How to overcome challenges
One of the simplest and most crucial things hospitals (or any mobile-device-using organization) can do is enforce OS patching – according to the MSRR, in 2016 only nine percent of companies in the U.S. were doing this, yet it is the easiest preventive care businesses can do. OS patching pays big dividends, and the turn time on mobile OS updates is shorter than ever before.

As always, businesses must be diligent while implementing policies as they would with any software, but need to update what this process looks like for the mobile world. A big part of this is ensuring the applications going onto these devices are secure by scanning the application source code. There are automated tools that can help with this process to ensure businesses have implemented security measures and streamlined their vetting process. These tools will eliminate the risk of having an enterprise app that accesses patient healthcare data without the proper security measures in place.

It is also critical to invest in educating your workforce about proper security measures. Many health systems view security as an IT problem, but the onus is on each line of business to ensure they're engaging in proper security measures. A remote security management tool is great for managing system updates and monitoring, but without organization-wide education, not even the greatest CISO can stop employees from downloading an unnecessary and compromising application, or clicking on a phishing email.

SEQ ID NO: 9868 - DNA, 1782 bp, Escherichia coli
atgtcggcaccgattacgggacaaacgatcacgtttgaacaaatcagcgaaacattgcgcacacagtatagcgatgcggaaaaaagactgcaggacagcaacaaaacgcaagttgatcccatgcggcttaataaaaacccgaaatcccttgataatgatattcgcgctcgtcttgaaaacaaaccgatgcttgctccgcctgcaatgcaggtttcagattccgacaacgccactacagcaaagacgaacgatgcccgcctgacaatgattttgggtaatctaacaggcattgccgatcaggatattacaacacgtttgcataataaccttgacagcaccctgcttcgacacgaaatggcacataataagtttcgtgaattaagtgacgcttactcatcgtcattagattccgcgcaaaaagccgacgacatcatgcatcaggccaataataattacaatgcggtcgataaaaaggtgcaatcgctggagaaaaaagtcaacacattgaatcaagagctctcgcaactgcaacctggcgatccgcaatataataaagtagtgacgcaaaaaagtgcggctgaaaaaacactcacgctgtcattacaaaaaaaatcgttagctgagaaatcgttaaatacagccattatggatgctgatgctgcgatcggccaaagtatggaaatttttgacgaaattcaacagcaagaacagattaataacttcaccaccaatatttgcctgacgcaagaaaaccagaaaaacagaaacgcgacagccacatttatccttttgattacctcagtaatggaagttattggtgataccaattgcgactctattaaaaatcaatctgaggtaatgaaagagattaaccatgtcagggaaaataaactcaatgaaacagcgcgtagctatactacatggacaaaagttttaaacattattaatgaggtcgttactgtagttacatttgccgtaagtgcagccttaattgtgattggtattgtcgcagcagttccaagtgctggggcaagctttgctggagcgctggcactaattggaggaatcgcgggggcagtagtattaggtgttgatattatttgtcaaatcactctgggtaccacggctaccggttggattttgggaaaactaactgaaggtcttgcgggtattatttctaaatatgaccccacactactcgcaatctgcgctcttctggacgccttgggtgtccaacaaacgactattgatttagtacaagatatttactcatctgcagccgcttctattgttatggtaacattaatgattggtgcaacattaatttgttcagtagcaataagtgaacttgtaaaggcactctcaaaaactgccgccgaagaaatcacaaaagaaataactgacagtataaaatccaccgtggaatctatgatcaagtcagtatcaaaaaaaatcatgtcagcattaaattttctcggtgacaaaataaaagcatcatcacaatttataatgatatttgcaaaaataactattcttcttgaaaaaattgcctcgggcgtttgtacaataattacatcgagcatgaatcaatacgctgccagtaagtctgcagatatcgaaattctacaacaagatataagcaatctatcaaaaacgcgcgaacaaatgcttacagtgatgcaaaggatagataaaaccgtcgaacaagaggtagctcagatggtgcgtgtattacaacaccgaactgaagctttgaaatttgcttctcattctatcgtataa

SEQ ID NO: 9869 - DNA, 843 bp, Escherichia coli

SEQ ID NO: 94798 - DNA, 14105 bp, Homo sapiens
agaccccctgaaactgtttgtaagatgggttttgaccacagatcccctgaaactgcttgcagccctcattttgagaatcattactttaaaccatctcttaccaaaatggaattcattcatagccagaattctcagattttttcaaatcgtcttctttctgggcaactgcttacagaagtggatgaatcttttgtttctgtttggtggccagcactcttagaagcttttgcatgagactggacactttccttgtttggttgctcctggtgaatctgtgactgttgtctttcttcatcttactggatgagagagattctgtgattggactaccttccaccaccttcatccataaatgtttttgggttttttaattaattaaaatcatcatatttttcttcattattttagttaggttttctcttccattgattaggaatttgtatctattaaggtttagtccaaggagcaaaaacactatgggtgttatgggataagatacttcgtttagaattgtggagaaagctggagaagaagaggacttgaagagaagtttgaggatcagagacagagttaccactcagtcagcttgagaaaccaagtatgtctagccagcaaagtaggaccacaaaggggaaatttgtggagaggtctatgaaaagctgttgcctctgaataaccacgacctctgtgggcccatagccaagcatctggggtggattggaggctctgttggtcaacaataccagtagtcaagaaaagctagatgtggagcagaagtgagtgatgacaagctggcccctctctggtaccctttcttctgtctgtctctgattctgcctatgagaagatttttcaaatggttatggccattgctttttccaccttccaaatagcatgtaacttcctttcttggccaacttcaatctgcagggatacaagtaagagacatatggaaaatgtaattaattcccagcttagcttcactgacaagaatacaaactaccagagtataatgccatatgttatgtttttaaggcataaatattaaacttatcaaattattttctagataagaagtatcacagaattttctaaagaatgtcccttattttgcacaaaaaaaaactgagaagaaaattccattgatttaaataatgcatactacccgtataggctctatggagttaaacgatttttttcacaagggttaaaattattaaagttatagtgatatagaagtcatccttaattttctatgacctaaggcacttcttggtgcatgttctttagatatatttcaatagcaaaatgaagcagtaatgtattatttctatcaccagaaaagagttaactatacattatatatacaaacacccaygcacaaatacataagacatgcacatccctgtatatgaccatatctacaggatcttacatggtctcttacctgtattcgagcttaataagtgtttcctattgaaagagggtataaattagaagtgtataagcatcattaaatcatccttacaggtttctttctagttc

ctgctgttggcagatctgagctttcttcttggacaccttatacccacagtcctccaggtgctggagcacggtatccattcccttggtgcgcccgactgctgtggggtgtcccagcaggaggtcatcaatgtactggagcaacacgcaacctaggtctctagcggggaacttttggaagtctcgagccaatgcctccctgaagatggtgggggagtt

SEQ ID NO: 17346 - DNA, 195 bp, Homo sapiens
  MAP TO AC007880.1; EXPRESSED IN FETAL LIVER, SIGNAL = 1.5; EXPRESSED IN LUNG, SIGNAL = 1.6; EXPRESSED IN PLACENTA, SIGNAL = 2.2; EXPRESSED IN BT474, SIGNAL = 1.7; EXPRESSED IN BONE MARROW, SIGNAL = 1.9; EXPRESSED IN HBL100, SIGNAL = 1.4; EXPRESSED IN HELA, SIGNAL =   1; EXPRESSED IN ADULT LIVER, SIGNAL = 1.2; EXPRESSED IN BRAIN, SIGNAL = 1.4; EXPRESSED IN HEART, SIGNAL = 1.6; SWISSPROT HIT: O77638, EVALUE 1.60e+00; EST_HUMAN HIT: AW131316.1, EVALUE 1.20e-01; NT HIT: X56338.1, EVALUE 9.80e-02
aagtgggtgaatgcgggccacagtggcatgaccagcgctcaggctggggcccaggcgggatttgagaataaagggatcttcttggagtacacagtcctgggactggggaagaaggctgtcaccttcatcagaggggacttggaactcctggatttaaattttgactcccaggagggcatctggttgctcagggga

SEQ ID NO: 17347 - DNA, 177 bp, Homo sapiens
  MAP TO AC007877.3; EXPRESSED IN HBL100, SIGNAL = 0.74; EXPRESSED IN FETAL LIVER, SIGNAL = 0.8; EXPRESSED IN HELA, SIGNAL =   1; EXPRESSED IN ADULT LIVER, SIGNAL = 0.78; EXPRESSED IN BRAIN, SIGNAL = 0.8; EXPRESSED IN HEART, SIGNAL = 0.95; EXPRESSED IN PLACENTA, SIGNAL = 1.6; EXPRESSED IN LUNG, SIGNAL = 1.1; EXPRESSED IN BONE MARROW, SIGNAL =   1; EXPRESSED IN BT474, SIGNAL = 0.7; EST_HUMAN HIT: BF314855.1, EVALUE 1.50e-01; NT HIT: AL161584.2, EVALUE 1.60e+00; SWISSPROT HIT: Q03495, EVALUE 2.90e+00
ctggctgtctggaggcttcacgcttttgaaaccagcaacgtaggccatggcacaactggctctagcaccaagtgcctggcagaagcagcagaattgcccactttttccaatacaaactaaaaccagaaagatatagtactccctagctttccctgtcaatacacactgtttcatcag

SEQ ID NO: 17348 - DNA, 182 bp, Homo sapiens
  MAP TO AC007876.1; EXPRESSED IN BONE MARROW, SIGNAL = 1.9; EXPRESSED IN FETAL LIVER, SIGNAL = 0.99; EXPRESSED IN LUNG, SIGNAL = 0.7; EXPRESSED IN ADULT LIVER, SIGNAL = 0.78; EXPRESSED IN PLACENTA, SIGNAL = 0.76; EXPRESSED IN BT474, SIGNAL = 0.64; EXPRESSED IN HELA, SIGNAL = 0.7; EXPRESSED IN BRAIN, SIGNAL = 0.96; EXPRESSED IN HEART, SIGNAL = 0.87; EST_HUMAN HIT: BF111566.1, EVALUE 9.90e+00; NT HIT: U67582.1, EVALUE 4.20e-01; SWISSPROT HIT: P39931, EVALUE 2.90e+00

Looking ahead
While the initial HIPAA regulations didn't provide much in the way of penalties, the HITECH Act passed in 2009 gave the original legislation some new teeth with regard to security and privacy of patient data. Last year, the California Data Breach Report outlined minimum standards of due care with regard to the privacy protections for consumer data. Next year, the General Data Protection Regulation (GDPR) will be implemented in the European Union, which punishes any company after its second offense of compromising customer records or jeopardizing customer privacy – with a fine of 20MM euros or four percent of the organization's revenue - whichever is higher. Though laws and regulations have been slow to keep pace with technology, it appears that a regulatory makeover may be gaining momentum and organizations must be prepared to address more stringent requirements or risk increasingly severe penalties as privacy and security receive more focus.

The views, opinions and positions expressed within these guest posts are those of the author alone and do not represent those of Becker's Hospital Review/Becker's Healthcare. The accuracy, completeness and validity of any statements made within this article are not guaranteed. We accept no liability for any errors, omissions or representations. The copyright of this content belongs to the author and any liability with regards to infringement of intellectual property rights remains with them.